The complete fail of the Brazilian purse


It is absolutely unacceptable that, in country notable for its citizen being highly subject to several forms of violence and crime by simply walking out the door – where the most notable and common form or crime are known to be wallet, phone, handbag and purse theft (aforementioned executed mostly in a clever and concealed manner by experienced criminals) – all the purses, handbags, clutches, backpacks and akin are poorly executed and offer little if no protection against these thieves.
You will hardly (if at all) find a carrying device that has a double zipper that allows you to use a lock. All handbags have a very regular zipper that has the blind end sticking out out the bag, leaving a gap underneath that may be used not only as a way to steal from your bag, but also as a way to throw something inside your bag without your permission (hey, we live in the terrorism ages). Most carrying devices closing mechanisms are nothing but a magnet button. Or no button at all. No need to say that no bags come without a lock.
A special attention should be given to the bags meant to be used specifically at the beach, a very popular item between Brazilian women. These are as open as they can. They have a closing mechanism just good enough to keep things from flying outside due the the wind in the beaches. they do not protect against sand, and they do not hide and protect your goods at all. It’s just all out there, semi-hanging outside the purse in the open for everyone to see and steal as they like.
As you can now see, it’s not only the Brazilian people, the Brazilian economics and the Brazilian politicians that are unreliable.
Unless you live in a country with nearly zero crime rate and/or wish a purse/wallett/backpack/handbag for decorative or souvenir reasons only, do not buy Brazilian designed and made handbags and alikes.



Catharsis – Desabafo


In order for this to flow properly I had to write in my first language, that is, Brazilian Portuguese.

Antes de qualquer coisa: não escrevo este post para posar de viajada cosmopolita fajuta. É só um desabafo.

Toda vez que eu volto pro Brasil eu fico homesick. Mas não é homesick de acordo com e significado americano. É o contrário, porque eu só me sinto em casa, de verdade, estando lá fora. Toda vez que eu saio da Brasil, a pior parte é voltar. Eu jamais sinto saudade. Eu nunca tenho vontade de voltar pra cá. O único sentimento que eu sinto em relação ao Brasil é medo, vergonha e tristeza. Nunca como em todos os lugares para os quais eu viajei eu me senti tão à vontade, tão livre, tão cidadã, tão respeitada, tão ser humano, tão SEGURA, tão bem-quista, tão parte de uma sociedade de bem, que tem valores em comum com os meus.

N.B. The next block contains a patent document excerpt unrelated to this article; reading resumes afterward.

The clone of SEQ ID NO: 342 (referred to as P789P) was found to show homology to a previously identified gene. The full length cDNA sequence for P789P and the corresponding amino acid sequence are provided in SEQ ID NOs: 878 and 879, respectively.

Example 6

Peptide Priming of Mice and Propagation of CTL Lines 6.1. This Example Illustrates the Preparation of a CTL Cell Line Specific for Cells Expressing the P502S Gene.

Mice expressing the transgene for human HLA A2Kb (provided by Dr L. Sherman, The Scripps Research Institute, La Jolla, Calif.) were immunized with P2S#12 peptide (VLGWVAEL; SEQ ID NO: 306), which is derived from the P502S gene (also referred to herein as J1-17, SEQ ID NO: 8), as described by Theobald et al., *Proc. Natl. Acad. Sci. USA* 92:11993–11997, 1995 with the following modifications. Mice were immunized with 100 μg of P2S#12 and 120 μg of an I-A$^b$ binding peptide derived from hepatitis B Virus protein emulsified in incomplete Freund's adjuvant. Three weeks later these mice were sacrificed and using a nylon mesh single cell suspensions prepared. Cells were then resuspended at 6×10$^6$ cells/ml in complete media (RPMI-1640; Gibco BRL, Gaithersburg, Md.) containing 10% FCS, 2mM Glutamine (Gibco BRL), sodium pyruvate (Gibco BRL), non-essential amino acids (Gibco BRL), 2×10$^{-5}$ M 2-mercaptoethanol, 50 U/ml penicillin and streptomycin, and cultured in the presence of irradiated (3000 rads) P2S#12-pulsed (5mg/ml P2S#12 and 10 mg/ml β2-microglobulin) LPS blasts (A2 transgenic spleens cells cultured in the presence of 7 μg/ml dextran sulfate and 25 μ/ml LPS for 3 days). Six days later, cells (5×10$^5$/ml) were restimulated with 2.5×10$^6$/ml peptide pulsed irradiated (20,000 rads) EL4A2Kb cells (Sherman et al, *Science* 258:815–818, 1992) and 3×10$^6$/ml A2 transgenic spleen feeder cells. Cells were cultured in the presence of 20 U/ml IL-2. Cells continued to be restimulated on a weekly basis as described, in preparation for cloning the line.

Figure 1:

Back home again…


Just arrived from a trip to Israel w/a pit stop in Zürich.


Out of all memories the traveler brings along when returning from a trip, my dearest is an unlikely one:  the feeling of being safe and free.


Having been assaulted many times and witness to countless acts of violence, it’s no secret I’m greatly distressed over the problem of violence in Brazil. Yet, even I myself wouldn’t suspect I was stressed to such a high degree.  Returning from Israel and Switzerland, my fondest memories are those of being able to open the door of your house without prior surveiling for random thugs in the surroundings. You can actually walk side by side with people without thinking they are too close and would pull a gun or knife on you. You don’t have to hold your handbag in intricate ways that would make sailor’s knots look amateur. You can actually go out alone in the streets at night. You don’t have to watch out for the shadows behind you, you don’t have to change your path or take an unlikely shortcut or enter some food place or whatever is in front of you just because there is a likely bandit following you. You don’t have to stand fucking crack-heads. You can actually use your watch and your jewelry. You can use your laptop and cell phone out in the streets. You don’t need to have your place protected by electrified fences, personal security guard, 5 locks in the main door. You don’t feel caged in your own private apartment prison when all the bad guys are out there free, laughing at you, just waiting for you to go out so they can party on you all night.


Of course I’m not naive to think these things only happen here and not anywhere else. But in here it happens to an extent and degree 6,02×10²³ higher than in any other place daring to call itself  “civilized”.


I nearly cried when I stepped foot back in Sao Paulo and caught myself doing the habitual survelliance again… 🙁
Being very serious, I advise anyone to consider all this before remotely considering a visit to Brazil.


I really love my country, but feeling safe is priceless.



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